Bangkok, Thailand, 10 November 2016: Of the countries in the ASEAN, male adult smoking prevalence is highest in Indonesia (66%) and lowest in Singapore (23.1%) according to the third edition of the ASEAN Tobacco Control Atlas released by the Southeast Asia Tobacco Control Alliance (SEATCA) during the fourth day of the seventh session of the Conference of Parties (COP7) to the WHO FCTC happening now in New Delhi, India.
The third edition of the Tobacco Control Atlas tracks the rapid tobacco control policy changes in ten ASEAN countries. It presents an update on the progress and achievements in implementing tobacco control measures across ASEAN countries and identifies areas for continuing work towards SEATCA’s vision of a healthy, tobacco-free ASEAN.
Other key findings in the Atlas:
- ASEAN continues to be a target for tobacco market growth with projected cigarette volume sales increasing from 514 billion to 535 billion sticks between 2016 and 2018, primarily in Indonesia, Philippines, Vietnam and Thailand.
- Tobacco tax policies have been strengthened in Cambodia, Malaysia, Philippines and Thailand and have helped to reduce affordability of tobacco products.
- After the Philippines Sin Tax Reform Law in 2012, Department of Health’s budget increased from PHP 42.15 billion to PHP 83.72 billion between 2012 and 2014.
- The Lao government continues to lose revenues due to its unfair Investment License Agreement (ILA) with the tobacco industry. The government collected net tobacco tax revenue of USD 52.04 million instead of USD 131.46 million, an estimated loss of USD 80 million between 2002 and 2013.
- Three ASEAN countries have established health promotion or tobacco control funds through surcharge taxes (Thailand and Vietnam) and treasury budget (Malaysia).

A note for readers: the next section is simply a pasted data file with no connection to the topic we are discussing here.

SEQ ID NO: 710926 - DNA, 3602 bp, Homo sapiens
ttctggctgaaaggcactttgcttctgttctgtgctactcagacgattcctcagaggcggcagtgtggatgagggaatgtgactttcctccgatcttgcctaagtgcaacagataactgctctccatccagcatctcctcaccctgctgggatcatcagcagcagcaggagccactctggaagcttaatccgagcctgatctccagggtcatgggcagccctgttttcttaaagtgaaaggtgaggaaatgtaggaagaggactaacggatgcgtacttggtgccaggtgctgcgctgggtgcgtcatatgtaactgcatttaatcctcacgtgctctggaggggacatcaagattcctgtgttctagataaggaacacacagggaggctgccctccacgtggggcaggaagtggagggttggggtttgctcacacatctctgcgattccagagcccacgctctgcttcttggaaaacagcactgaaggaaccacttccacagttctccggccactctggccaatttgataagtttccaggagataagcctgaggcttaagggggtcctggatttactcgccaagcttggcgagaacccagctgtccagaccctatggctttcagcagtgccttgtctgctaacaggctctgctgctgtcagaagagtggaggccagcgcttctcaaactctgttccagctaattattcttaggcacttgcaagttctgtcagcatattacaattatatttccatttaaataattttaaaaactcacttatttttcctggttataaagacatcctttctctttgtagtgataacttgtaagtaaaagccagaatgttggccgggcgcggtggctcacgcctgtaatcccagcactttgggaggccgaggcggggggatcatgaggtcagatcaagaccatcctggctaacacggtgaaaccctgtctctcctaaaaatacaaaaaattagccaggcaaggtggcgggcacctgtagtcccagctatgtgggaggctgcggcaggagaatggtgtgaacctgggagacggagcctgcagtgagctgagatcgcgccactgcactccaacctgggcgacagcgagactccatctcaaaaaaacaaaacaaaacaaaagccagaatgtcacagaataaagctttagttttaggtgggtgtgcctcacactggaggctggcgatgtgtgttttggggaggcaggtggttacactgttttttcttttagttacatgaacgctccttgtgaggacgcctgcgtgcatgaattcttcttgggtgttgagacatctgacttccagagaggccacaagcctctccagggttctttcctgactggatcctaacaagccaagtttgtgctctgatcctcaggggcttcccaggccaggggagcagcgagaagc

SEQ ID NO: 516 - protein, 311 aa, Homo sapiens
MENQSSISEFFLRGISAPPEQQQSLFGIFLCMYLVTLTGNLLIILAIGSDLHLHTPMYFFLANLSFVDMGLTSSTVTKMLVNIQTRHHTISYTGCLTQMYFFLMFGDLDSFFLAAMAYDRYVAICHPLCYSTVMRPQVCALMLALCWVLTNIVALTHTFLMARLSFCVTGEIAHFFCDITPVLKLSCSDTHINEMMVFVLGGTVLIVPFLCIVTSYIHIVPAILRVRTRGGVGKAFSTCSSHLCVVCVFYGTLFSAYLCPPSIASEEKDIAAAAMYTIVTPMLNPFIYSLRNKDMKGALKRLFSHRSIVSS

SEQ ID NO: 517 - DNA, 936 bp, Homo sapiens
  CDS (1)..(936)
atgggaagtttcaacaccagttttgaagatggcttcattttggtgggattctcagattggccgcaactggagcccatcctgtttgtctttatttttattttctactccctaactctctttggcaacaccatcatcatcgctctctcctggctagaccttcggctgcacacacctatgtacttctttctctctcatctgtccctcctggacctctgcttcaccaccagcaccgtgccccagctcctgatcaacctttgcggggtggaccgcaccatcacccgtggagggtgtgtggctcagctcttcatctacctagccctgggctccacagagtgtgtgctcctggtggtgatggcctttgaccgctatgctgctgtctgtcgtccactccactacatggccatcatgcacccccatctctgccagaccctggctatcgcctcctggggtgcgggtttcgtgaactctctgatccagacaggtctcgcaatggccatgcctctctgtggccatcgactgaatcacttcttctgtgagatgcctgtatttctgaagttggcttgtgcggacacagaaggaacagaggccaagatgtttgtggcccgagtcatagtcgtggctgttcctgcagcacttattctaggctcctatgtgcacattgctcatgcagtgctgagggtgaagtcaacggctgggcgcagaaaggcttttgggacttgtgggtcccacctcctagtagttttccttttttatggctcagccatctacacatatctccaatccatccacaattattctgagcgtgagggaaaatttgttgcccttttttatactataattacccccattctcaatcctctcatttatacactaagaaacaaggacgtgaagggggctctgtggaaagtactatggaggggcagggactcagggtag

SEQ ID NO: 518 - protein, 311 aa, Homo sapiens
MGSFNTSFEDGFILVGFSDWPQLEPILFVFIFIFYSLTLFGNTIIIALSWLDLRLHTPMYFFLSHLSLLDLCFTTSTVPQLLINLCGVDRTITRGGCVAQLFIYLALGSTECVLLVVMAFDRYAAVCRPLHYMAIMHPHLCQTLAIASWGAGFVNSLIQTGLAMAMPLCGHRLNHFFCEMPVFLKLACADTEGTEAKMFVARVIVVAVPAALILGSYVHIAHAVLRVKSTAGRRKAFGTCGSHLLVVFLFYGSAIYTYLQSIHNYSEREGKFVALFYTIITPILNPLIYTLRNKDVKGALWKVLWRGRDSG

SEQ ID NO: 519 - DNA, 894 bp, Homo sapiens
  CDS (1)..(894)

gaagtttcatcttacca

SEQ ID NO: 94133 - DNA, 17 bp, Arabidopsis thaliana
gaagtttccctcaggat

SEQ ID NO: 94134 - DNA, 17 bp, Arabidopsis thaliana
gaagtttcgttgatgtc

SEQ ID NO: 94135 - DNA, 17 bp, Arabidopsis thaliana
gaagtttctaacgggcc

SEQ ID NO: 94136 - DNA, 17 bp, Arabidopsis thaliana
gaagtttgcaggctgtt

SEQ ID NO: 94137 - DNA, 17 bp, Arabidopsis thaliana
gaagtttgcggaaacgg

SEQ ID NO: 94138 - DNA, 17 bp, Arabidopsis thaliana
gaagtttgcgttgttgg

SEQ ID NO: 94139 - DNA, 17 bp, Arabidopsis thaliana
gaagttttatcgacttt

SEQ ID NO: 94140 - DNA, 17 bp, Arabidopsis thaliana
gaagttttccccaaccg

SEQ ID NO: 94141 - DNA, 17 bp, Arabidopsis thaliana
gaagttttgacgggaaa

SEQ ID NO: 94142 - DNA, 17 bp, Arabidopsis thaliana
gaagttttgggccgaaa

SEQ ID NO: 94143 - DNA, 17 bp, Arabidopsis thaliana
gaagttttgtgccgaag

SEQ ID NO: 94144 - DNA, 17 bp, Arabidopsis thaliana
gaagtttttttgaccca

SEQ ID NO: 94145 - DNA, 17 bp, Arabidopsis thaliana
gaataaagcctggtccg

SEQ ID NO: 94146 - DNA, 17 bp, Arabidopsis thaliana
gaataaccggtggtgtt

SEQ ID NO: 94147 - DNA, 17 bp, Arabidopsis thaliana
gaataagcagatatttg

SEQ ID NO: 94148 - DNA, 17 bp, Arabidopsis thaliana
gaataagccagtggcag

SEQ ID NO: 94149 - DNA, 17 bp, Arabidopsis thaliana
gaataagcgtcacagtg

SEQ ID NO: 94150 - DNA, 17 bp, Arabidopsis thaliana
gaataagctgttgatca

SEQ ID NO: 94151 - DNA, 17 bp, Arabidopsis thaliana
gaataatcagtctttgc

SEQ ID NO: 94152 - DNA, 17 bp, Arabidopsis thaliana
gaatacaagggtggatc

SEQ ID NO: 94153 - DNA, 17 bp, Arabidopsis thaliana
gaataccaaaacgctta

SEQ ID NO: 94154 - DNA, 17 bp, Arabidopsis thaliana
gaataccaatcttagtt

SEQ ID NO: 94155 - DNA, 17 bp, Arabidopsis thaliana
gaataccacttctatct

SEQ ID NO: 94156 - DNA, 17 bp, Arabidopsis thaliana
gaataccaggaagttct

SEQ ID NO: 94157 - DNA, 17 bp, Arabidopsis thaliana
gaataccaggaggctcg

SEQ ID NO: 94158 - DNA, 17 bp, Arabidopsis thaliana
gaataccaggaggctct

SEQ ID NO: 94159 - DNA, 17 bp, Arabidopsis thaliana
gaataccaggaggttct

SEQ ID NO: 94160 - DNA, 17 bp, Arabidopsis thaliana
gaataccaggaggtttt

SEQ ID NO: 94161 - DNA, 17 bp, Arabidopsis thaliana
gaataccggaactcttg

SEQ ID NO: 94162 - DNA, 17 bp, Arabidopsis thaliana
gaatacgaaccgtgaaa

- Only Philippines has a procedure for government officers on interactions with the tobacco industry and its representatives and bans unnecessary interactions.
- Most countries have banned smoking in workplaces and public places, however they still have challenges in enforcement of the law.
- All ten ASEAN countries have legislated pictorial health warnings (PHWs) on cigarettes packages, four of which are among the biggest pictorial health warnings worldwide: Thailand (85%), Brunei, Lao PDR and Myanmar (75%).
- Tobacco advertising and promotion including at point-of-sale is banned in seven ASEAN countries (except in Indonesia, Myanmar and Philippines). In addition, beginning 2017, a ban on retail display of tobacco products will be enforced in Singapore, similar to bans in Thailand (since 2005) and Brunei (since 2010).
- Kiddie packs (less than 20 sticks per pack) are still allowed in Indonesia, Myanmar, and Philippines, and there is no restriction on single sticks sales in Cambodia, Indonesia, Philippines, Thailand and Vietnam, making cigarettes easily accessible to youth.
“The third edition of the ASEAN Atlas moves tobacco issues to a new level, tracking the rapid changes since the first edition in 2013. This Atlas is far more than just a statement of the status quo – it is a challenge and a call to action for countries in the region,” said Professor Dr. Judith Mackay, Director, Asian Consultancy on Tobacco Control.
“The ASEAN Tobacco Control Atlas – now on its third edition – has proven invaluable in developing regional action plans, which in turn guide the development of national action plans,” said Dr. Susan Mercado, Director, NCDs and Health through the Life-course Division of WHO WPRO.
The Tobacco Control Atlas is based on robust scientific data sources. It is designed to be a practical resource for policy development not only in Southeast Asia, but also in developing countries throughout the world.
“I am thrilled that SEATCA’s first and second ASEAN Tobacco control Atlas released in 2013 and 2014 were well-received. The feedback from our colleagues within ASEAN and around the world has been amazingly positive. They found the atlas very useful, informative, and well organized. All the comments and encouragement have inspired SEATCA’s preparation of this third edition, which incorporates updated information, as well as adds new topics. We firmly believe that this edition which comes in five ASEAN languages (Khmer, Bahasa Indonesia, Laotian, Burmese and Vietnamese) will be useful to move tobacco control policy in the ASEAN,“ said Ms. Bungon Ritthiphakdee, SEATCA’s Executive Director.
Wendell C Balderas, Media and Communications Officer – SEATCA
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Download the Tobacco Control Atlas at: http://seatca.org/dmdocuments/The Tobacco Control Atlas ASEAN Region 3rd Edition 2016.pdf